The second stage was interesting as the aerial mapping involved the survey of Bodie’s gravesites. Just outside the designated gravesite area, some
of the graves are marked but others are not, and forensic dogs were brought in to show where bodies might have been buried.
The various data sets were georectified using GPS markers and mapped into a 3D model using Pix4D, providing a very high-resolution “flythrough” model for the park to use.

The aerial views provided by the Monarch UAV postprocessing with Pix4D software give an immense amount of detail—on the fly-through model, in some cases, right down to individual nails.

RD: Can you tell us a little about how you got involved with the park services for this project?
RL: Paul Veisze, geographic information officer for California State Parks, met Monarch’s CEO and founder Eileen Shibley at a conference on photogrammetry. Paul invited the Monarch team to Sacramento to complete some test flights. He was impressed
with the performance and data quality from the Monarch LS [survey drone], and asked us to return to map the park in the two stages above.

The Monarch drone is equipped with a 3D-printed gimbal for stability and multiple sensors in a Cocoon housing.

RD: What type of restriction was there on flying over a national historical site?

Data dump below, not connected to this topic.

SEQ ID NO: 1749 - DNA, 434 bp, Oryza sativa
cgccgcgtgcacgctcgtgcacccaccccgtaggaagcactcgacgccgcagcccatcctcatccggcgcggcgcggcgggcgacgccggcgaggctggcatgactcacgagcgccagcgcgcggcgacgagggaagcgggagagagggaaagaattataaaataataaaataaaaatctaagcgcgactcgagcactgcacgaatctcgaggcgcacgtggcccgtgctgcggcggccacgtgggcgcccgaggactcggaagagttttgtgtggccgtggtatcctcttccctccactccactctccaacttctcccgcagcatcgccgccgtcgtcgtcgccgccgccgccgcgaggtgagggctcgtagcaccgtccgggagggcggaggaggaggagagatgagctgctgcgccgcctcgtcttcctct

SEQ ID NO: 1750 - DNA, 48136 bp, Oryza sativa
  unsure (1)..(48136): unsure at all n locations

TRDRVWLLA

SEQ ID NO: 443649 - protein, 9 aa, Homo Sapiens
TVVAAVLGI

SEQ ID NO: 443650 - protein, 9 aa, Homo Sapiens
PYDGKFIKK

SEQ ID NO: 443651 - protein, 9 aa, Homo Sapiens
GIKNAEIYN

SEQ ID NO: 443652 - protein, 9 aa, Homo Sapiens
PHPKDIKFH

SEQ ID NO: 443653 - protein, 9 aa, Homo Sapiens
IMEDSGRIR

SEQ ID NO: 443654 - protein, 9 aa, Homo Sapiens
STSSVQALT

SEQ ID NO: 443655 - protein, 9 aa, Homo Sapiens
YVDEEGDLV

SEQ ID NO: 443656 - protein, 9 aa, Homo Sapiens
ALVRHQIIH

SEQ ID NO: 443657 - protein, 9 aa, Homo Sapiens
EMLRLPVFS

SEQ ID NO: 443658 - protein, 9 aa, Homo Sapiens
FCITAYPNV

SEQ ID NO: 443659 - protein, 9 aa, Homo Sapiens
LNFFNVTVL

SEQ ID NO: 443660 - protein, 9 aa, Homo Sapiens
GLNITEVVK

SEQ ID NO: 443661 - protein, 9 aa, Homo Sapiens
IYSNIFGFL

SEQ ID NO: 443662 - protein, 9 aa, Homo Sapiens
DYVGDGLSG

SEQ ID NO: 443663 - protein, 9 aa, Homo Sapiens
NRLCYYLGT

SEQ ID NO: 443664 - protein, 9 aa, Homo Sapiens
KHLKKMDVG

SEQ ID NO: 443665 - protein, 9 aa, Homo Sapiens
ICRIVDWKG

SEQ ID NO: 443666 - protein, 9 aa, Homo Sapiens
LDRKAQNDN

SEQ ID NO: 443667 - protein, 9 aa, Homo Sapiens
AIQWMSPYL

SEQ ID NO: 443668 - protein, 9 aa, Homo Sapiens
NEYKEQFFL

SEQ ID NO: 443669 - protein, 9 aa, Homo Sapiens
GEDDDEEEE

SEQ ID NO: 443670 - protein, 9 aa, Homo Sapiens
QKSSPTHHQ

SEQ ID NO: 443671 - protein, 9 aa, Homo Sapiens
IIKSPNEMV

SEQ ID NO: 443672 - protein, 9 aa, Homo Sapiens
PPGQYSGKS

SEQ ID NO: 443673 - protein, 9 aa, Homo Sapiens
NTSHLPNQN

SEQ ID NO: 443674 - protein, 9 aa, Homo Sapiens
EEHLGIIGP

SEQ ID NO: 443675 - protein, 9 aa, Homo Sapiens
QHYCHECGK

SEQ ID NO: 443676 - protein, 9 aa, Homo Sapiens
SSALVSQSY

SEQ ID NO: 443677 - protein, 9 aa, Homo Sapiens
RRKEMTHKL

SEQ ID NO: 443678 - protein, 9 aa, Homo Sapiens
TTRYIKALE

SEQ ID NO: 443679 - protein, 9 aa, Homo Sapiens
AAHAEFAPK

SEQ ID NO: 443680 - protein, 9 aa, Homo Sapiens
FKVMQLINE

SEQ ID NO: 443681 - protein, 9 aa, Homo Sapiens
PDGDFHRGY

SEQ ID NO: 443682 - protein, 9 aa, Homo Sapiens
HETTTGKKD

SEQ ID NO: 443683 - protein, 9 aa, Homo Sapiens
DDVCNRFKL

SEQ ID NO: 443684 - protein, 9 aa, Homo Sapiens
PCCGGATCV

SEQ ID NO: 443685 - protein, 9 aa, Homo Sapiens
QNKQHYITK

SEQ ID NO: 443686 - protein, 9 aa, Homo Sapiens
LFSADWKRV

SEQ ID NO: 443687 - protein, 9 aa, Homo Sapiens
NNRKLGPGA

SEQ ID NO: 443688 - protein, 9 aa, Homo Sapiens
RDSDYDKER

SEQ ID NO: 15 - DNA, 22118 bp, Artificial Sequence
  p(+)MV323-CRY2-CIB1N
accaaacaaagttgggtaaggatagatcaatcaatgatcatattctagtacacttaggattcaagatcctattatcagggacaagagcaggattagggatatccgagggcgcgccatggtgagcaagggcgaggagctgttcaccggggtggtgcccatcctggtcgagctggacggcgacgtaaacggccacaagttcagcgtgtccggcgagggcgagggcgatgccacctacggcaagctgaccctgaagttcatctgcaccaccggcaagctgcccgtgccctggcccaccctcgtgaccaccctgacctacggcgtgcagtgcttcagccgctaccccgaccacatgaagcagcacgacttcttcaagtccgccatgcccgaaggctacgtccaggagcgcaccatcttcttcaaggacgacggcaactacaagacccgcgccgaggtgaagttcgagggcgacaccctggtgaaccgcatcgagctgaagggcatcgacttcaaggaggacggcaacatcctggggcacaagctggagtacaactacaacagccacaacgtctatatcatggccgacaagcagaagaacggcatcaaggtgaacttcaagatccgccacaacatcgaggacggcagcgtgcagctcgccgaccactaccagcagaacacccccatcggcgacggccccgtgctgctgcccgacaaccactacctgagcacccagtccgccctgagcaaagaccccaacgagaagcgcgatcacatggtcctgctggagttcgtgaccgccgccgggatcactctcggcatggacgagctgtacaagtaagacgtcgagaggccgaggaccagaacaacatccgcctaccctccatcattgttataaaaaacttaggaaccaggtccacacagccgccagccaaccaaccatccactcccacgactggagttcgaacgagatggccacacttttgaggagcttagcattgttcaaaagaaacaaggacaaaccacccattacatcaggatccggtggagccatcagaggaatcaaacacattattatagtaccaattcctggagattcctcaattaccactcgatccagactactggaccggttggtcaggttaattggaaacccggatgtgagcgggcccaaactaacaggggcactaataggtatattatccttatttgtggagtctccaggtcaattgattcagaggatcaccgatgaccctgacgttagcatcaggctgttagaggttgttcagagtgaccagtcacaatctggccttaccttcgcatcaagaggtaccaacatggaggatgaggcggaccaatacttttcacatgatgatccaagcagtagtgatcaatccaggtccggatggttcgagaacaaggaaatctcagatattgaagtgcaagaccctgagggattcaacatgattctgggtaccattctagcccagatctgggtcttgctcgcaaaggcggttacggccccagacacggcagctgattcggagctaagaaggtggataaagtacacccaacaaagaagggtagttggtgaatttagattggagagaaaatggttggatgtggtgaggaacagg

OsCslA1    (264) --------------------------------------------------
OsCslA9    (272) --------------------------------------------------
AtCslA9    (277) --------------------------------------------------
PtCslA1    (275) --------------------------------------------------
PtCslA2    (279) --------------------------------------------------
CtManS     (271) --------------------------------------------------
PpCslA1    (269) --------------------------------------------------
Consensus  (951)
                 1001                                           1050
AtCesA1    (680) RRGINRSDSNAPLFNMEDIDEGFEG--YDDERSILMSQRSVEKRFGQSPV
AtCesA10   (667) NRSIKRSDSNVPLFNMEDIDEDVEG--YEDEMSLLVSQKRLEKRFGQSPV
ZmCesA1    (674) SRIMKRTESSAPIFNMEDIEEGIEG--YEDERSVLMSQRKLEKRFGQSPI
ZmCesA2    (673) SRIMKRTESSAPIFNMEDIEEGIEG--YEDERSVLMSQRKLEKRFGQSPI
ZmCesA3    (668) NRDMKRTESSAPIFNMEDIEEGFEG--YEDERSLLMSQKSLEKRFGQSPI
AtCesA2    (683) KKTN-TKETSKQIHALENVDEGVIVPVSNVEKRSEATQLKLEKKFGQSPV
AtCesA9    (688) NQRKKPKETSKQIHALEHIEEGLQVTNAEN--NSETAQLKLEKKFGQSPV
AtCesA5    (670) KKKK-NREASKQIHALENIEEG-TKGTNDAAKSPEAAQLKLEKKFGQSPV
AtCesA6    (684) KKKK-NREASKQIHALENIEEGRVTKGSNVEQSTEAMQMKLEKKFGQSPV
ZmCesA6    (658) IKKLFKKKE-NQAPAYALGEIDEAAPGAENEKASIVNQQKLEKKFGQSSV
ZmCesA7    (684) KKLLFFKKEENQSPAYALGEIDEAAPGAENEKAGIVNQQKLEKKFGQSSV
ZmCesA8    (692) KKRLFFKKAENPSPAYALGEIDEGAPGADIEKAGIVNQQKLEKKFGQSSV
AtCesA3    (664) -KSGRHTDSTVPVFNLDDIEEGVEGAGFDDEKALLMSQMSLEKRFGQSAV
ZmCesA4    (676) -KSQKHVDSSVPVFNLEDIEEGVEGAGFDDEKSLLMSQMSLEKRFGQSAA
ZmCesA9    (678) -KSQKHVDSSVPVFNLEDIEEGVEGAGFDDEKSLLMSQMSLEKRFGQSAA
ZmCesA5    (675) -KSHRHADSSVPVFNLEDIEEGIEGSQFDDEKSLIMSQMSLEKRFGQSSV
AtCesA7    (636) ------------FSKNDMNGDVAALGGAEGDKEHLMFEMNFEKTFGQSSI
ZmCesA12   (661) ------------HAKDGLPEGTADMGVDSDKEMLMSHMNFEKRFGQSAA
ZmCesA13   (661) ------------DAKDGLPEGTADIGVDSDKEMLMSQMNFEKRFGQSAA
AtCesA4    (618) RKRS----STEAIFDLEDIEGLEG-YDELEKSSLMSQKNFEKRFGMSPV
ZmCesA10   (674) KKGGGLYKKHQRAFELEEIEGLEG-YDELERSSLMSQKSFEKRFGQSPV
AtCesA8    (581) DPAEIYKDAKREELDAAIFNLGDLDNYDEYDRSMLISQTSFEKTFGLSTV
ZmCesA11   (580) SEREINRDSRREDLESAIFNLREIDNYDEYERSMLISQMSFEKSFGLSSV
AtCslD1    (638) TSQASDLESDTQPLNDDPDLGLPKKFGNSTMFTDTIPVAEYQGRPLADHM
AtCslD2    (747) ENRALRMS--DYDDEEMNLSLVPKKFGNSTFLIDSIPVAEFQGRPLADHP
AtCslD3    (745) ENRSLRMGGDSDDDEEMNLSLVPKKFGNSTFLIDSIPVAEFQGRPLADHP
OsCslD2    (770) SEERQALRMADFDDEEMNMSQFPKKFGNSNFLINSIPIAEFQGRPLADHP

RL: There are different regulations around flying in California state parks, depending on which park you’re in. The flights took place under the guidelines of the Parks’ Certificate of Authorization (COA) naming Monarch, Inc., as the designated drone operator. COA is an authorization issued by the Federal Aviation Administration to a public operator for a specific UAS [unmanned aircraft systems] activity. In this case, Monarch applied jointly with the California State Parks system to get the permission, which is good for two years.

RD: What multirotor systems and cameras did you use, and what information are you looking to pull from the images that will help the park services?
RL: We used Monarch’s custom-built aerial survey quadcopter with a 3D-printed gimbal and trademarked Cocoon sensor housing, which allows multiple sensors to be used simultaneously. The gimbal allows for downward-facing imaging and counteracts the effects of wind, which is especially crucial in a very windy environment like that which we encountered at Bodie.